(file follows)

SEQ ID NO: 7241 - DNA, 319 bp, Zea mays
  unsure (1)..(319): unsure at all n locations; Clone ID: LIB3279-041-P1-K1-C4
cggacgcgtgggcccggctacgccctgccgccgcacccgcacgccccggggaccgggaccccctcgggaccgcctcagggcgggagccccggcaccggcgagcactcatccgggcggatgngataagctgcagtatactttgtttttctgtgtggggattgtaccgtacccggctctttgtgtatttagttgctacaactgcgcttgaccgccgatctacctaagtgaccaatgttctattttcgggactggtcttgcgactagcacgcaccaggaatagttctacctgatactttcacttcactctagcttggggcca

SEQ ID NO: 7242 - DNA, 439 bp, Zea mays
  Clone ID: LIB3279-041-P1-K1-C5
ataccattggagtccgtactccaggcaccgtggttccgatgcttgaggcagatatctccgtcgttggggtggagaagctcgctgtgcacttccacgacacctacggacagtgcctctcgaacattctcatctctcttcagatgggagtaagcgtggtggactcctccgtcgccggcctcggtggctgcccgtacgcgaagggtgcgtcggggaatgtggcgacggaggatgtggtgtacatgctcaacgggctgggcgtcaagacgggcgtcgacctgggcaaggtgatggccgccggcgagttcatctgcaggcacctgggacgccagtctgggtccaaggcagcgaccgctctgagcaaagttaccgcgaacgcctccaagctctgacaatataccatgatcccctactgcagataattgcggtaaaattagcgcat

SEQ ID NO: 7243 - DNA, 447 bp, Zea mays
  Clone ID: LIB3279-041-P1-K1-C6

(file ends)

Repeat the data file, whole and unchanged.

SEQ ID NO: 7241 - DNA, 319 bp, Zea mays
  unsure (1)..(319): unsure at all n locations; Clone ID: LIB3279-041-P1-K1-C4
cggacgcgtgggcccggctacgccctgccgccgcacccgcacgccccggggaccgggaccccctcgggaccgcctcagggcgggagccccggcaccggcgagcactcatccgggcggatgngataagctgcagtatactttgtttttctgtgtggggattgtaccgtacccggctctttgtgtatttagttgctacaactgcgcttgaccgccgatctacctaagtgaccaatgttctattttcgggactggtcttgcgactagcacgcaccaggaatagttctacctgatactttcacttcactctagcttggggcca

SEQ ID NO: 7242 - DNA, 439 bp, Zea mays
  Clone ID: LIB3279-041-P1-K1-C5
ataccattggagtccgtactccaggcaccgtggttccgatgcttgaggcagatatctccgtcgttggggtggagaagctcgctgtgcacttccacgacacctacggacagtgcctctcgaacattctcatctctcttcagatgggagtaagcgtggtggactcctccgtcgccggcctcggtggctgcccgtacgcgaagggtgcgtcggggaatgtggcgacggaggatgtggtgtacatgctcaacgggctgggcgtcaagacgggcgtcgacctgggcaaggtgatggccgccggcgagttcatctgcaggcacctgggacgccagtctgggtccaaggcagcgaccgctctgagcaaagttaccgcgaacgcctccaagctctgacaatataccatgatcccctactgcagataattgcggtaaaattagcgcat

SEQ ID NO: 7243 - DNA, 447 bp, Zea mays
  Clone ID: LIB3279-041-P1-K1-C6